(Previously known as: DeFi Political Defense Fund)
Proposal to allocate one million UNI to create and fund the “DeFi Education Fund,” a 501(c)(4) nonprofit entity based in the United States to provide grants for political, educational, and legal engagement. This proposal has passed the temperature and consensus checks with massive supermajorities and healthy, spirited debate. Since the Temperature Check posted, the need for this fund has become even more apparent. We have incorporated much of the constructive feedback to balance transparency and effectiveness in this entity’s important mission for the community.
The 501(c)(4) will fund education and advocacy through both existing advocacy organizations and potentially new ones. The funding will have the goals of 1) challenging misguided regulatory, legal, and political threats to decentralized finance; 2) achieving regulatory clarity for decentralized finance and related activity; 3) advancing laws that support decentralized finance and decentralized governance; and 4) spurring other DeFi protocols’ governance bodies to contribute to the effort (through this entity or their own). The entity will be nonpartisan and global in approach and orientation.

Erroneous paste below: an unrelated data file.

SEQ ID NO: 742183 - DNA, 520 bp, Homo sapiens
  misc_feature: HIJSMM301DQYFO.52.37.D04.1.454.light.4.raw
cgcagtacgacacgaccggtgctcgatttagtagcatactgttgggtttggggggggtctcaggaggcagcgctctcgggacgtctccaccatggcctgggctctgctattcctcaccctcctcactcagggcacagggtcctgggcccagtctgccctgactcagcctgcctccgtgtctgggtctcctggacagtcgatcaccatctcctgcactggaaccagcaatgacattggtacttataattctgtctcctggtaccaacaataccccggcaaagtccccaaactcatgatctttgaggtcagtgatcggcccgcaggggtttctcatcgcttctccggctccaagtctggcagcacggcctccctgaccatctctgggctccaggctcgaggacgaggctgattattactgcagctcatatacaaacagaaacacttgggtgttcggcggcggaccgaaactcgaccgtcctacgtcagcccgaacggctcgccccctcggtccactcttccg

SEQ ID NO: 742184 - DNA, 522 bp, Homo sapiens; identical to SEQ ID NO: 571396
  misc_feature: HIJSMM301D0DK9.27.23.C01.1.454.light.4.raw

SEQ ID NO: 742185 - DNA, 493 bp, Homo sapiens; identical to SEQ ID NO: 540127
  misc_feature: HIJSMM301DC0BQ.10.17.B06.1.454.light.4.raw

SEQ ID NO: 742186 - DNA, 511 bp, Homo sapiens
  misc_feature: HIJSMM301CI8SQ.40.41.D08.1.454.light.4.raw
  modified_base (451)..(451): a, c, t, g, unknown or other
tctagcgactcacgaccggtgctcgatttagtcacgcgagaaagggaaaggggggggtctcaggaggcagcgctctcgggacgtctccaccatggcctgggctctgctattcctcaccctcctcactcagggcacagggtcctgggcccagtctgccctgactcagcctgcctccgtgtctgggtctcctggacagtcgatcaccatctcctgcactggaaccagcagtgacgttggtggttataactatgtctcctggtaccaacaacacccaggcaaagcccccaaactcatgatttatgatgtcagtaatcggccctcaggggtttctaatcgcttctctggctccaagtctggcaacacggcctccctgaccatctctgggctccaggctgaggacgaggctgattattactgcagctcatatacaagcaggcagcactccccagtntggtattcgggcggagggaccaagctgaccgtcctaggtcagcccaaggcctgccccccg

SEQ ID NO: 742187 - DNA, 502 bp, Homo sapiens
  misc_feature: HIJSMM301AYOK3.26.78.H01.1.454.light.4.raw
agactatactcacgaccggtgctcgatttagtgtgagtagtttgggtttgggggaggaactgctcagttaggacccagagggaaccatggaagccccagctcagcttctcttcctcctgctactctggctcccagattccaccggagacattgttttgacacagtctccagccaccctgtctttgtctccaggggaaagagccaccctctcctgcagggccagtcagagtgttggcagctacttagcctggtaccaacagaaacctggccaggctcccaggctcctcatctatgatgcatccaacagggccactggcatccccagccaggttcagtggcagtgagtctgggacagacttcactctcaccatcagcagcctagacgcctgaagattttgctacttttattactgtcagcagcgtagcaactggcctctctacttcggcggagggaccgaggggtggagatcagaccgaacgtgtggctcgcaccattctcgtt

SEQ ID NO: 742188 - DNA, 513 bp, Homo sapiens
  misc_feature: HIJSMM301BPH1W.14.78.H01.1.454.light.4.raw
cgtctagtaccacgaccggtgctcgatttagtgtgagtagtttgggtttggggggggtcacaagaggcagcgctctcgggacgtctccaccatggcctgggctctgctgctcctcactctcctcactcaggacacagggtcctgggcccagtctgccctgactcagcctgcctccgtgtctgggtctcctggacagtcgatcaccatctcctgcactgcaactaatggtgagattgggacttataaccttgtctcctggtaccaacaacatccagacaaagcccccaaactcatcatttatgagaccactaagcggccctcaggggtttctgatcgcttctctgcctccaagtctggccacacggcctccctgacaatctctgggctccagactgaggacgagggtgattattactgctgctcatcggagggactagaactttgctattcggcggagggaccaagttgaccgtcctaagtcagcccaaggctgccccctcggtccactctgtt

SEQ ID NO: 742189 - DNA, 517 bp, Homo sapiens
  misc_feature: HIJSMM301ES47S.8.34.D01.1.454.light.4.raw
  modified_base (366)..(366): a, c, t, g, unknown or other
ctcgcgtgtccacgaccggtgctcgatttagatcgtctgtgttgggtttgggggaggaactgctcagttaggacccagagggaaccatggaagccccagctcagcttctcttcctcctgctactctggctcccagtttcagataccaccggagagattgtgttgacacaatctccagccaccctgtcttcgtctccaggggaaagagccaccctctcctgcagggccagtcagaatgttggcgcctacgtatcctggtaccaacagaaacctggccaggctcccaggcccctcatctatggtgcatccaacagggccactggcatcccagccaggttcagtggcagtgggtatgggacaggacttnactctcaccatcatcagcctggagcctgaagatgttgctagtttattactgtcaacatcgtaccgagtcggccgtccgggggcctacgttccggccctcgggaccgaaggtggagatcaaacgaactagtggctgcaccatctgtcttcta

The DeFi Education Fund will fund all of the following:
- Policy-maker education: we need more people directly educating legislative and regulatory policymakers about DeFi and advocating for policy positions that favor DeFi and its participants;
- Thought leadership and research: we need more written and video content explaining DeFi and its benefits in a medium that positively impacts the public perception of DeFi;
- Legal firepower: we need to develop a strong bench of legal advocates in multiple jurisdictions and venues;
- Messaging: we need to better formulate ideas, prepare spokespeople, and communicate to policymakers and the general public on the benefits and promise of DeFi;